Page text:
[Last updated November 3, 2021]
A barcode is an optical machine-readable representation of data. A lot of things around us have barcodes. You will find them in virtually any packaged item you buy, in the back cover of books and most likely somewhere in the laptop, its power adapter, or the PC you may be using right now.
Typically, barcodes are attached to things using a sticker, or simply printed on them. You can put any data you want in a barcode, but generally they are used to unequivocally identify the item. Barcodes are designed to encode data in a way that can be quickly scanned using either a barcode scanner, or through the camera of your smartphone.
In the image, a barcode has been placed in the back of a road sign. The barcode uniquely identifies the asset, but also carries information about the installation date, manufacturer and other important information.
An inspector, using the Survey123 field app, can quickly scan the barcode and load all the asset information into the form. At that point, the form can be completed and submitted.
There are multiple flavors of barcodes They are organized into two categories: linear and 2D (matrix) barcodes.
The original barcodes where all linear. They were invented in the 1960's, popularized in the 1970's and still the most commonly used today. Here is a linear barcode representing the value 03600029145
Two-dimensional barcodes can encode more information. A popular one these days is the QR code, which you may have already used from your smartphone to quickly access a web site, or to download a mobile app.
There are lots of different types of barcodes, even for each of these two categories. Choosing one type or the other will depend on what type of data you want to encode (not all types support international characters for example), the size of the data, the amount of space you have for the sticker, etc
Another important aspect before choosing the barcode type to use is licensing. Many barcode styles are patented and you cannot use them to print your own data. You can learn more about the different types of barcodes in Wikipedia.
From a practical perspective, if you would like to create your own barcodes, a safe bet is to go with a 2D style, as it will give you good flexibility to store data of different sorts or one in the public domain, such as Aztec or QR Code.
There are different ways to print barcodes. To start playing around a bit, I personally liked qr-code-generator.com and also barcode-generator.org. You will also find API's, to create these barcodes programmatically, as well as solutions of all sorts to print stickers: in bulk, from a pocket printer, to print waterproof barcodes etc There is really a world around barcodes. If you are hardcore enough you will even find people who will tattoo them on you.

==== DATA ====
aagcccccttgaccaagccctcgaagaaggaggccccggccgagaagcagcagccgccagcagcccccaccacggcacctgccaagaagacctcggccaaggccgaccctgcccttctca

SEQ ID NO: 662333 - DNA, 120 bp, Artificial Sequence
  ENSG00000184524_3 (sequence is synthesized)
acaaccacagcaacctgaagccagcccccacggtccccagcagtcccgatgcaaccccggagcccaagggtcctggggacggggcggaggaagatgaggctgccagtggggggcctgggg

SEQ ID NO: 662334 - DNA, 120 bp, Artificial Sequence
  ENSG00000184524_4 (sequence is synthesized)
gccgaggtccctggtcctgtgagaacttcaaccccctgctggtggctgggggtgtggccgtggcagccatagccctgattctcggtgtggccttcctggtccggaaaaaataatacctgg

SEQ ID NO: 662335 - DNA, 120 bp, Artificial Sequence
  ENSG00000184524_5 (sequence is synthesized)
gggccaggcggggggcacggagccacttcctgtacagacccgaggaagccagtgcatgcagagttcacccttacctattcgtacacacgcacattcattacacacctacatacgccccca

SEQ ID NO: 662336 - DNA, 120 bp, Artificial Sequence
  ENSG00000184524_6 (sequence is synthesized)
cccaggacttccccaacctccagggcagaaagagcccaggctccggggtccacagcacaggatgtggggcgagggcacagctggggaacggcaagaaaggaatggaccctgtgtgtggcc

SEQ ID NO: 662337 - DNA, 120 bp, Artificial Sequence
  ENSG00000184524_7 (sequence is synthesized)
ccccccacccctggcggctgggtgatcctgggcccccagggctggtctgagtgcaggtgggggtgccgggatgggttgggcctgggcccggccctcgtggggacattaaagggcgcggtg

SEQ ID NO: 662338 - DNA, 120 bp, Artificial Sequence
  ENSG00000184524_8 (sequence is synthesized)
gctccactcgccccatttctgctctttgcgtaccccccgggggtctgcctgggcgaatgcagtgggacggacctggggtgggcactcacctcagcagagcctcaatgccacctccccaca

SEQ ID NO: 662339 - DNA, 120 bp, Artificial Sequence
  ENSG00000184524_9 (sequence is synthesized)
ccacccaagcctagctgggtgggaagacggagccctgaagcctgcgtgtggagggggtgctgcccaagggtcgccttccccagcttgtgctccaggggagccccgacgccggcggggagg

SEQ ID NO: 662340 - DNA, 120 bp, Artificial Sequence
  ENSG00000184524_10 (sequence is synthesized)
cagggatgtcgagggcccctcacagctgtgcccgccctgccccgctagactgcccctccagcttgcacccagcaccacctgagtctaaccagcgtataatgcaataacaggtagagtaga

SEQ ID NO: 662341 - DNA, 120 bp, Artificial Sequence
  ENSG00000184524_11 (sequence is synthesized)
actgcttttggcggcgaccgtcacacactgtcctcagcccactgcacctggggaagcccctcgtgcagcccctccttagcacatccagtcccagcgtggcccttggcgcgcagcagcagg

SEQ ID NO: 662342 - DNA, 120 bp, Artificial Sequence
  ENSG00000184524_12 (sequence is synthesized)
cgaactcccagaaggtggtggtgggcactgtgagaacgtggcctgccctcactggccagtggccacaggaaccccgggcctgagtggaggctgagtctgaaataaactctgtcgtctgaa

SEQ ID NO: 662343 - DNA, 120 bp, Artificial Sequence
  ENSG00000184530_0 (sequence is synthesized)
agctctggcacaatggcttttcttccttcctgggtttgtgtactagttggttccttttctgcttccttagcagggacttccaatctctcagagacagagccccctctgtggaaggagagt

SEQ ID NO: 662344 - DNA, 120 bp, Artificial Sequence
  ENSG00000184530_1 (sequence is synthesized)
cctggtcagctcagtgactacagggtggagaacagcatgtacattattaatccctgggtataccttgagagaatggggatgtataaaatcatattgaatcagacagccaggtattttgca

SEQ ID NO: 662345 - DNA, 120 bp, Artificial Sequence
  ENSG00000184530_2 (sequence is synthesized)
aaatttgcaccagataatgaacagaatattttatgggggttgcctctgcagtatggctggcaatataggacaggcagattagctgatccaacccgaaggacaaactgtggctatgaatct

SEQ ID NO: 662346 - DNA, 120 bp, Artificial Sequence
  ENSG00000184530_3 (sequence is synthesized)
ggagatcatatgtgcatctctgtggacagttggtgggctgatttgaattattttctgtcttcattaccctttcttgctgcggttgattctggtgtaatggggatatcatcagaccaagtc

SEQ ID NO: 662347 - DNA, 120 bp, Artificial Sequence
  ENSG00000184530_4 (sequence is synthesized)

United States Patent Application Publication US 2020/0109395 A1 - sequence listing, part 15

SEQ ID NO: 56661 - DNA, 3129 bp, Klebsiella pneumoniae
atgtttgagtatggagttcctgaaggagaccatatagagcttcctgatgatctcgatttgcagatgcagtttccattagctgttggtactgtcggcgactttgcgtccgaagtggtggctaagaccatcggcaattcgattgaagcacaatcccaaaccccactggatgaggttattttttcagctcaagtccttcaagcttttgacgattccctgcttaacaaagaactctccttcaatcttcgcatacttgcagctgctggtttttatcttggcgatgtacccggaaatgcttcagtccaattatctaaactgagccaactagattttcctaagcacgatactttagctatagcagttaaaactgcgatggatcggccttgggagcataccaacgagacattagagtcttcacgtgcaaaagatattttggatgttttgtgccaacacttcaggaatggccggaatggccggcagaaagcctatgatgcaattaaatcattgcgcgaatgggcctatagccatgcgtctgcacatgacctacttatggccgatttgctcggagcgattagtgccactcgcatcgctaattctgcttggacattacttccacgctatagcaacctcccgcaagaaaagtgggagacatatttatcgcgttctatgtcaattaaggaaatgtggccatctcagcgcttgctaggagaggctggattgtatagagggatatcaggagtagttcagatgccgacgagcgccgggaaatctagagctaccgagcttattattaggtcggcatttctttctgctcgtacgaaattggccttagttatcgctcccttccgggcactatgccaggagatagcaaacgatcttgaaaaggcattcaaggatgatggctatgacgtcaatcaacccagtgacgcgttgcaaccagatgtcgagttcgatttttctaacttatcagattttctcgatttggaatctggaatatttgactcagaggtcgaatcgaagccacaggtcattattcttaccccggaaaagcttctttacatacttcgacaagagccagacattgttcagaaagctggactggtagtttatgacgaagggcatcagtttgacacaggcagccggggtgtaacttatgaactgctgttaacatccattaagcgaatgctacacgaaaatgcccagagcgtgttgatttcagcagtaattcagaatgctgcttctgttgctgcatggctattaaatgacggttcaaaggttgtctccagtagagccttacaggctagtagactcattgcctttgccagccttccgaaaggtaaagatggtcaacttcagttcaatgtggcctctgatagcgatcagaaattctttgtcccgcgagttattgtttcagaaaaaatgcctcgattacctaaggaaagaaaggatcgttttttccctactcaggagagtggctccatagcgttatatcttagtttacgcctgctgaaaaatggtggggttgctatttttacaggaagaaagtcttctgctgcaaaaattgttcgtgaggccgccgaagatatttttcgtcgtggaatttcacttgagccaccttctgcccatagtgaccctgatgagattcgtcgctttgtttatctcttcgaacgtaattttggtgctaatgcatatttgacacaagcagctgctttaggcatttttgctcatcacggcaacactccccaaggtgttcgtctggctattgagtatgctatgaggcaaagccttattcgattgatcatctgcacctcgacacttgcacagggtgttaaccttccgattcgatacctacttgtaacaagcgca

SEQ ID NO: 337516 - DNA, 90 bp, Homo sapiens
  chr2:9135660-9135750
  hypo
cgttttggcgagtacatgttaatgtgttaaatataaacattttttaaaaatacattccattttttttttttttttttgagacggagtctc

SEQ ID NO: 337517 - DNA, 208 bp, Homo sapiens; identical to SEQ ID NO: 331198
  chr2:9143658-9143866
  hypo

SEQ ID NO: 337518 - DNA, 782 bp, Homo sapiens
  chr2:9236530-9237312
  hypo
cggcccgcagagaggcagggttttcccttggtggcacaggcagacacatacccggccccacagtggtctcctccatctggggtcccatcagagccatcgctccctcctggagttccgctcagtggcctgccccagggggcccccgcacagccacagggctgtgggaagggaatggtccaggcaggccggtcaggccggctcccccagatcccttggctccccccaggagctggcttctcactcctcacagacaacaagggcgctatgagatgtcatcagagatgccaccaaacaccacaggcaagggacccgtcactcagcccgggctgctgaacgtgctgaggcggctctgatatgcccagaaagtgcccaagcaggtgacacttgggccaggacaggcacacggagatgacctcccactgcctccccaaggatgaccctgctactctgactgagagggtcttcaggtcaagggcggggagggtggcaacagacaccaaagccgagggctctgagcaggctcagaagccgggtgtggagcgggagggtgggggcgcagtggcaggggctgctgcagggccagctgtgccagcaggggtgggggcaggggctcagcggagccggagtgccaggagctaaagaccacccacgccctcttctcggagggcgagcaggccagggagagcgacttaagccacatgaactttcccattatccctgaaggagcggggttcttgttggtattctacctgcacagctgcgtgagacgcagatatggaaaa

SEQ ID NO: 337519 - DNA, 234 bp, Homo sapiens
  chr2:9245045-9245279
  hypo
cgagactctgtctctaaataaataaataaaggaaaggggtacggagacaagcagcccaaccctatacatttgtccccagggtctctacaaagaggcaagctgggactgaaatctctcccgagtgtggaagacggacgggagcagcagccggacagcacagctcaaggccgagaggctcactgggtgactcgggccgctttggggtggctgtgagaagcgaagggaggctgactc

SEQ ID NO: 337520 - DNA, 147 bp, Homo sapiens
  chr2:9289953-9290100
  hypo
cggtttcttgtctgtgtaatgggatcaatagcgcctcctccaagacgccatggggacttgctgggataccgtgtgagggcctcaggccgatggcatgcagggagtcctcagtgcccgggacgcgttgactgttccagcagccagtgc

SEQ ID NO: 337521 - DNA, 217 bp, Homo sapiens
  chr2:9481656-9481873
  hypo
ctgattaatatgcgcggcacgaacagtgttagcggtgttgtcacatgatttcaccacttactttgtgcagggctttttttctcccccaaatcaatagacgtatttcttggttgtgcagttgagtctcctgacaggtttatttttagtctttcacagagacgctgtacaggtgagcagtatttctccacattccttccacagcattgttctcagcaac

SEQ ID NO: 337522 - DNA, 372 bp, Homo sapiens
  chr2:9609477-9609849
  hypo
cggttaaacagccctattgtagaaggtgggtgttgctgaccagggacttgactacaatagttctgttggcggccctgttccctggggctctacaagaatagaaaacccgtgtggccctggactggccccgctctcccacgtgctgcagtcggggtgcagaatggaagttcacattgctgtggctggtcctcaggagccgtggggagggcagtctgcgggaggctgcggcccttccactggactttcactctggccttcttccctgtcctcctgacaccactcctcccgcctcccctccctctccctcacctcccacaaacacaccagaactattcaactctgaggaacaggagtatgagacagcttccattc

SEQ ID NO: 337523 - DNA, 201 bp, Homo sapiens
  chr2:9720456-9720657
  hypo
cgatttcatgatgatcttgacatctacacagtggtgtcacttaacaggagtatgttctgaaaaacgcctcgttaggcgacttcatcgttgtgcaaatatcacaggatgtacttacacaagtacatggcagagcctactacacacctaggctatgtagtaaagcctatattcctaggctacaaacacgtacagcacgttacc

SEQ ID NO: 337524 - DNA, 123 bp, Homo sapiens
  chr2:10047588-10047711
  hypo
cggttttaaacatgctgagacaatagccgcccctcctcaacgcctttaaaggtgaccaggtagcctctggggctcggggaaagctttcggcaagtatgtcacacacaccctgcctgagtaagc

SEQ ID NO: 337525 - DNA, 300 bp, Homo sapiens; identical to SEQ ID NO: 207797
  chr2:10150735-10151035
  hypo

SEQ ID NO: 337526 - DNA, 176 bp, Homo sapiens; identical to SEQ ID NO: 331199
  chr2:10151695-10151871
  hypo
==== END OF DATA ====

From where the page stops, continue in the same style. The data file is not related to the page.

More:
If you would like field users to be able to scan a barcode and get the data added to your survey, you need to add a barcode type of question. As shown in the screenshot below, the XLSForm specification includes a barcode question type.
Barcode questions, by default, are shown in your form as an input box with a barcode scanner button o the side. Users can either manually enter text or tap the scanner button to trigger the device camera. By simply focusing on the barcode the barcode will be scanned and the data from it added to the form.
Survey123 supports the following barcode types: QR Code, Code 39, Code 93, Code 128, EAN 8, EAN 13, UPC A, UPC E, UPC EAN Extension, Aztec, Codabar, Data Matrix, ITF, MaxiCode, PDF 417, RSS14 and RSS Expanded.
By default, the Survey123 field app will automatically scan all barcode types except Code-39 and PDF417. If you need to scan Code-39 or PDF417, go into the scanner dialog settings and activate the format you are targeting. Your barcode preference will be remembered.
To help you get started, Survey123 Connect includes a Barcodes survey design sample. Open Survey123 Connect, click on New Survey, and then look in the Samples category. Publish the survey and download it into your device to familiarize yourself with the XLSForm syntax and the app experience.
Barcode questions in Survey123 support the minimal appearance. When used, the question will not show any type of input text box. Instead, all the user will see will be the name of the question, as well as the button to start the scanner.
The minimal appearance in a barcode question is typically used in combination with calculations in other questions: the barcode question is used to fetch data, and the calculations extract that data and display it to the user.
Say for example you want to use a barcode to store the Unique Identifier of an asset and the company that produced it. Just like in the barcode on the side.
We would not want to show all that information in a single field, because it would be confusing to the field user, and somewhat useless stored that way.
Using the minimal appearance and calculations you can parse the information from the barcode and present it and store it in different fields... like in the following example:
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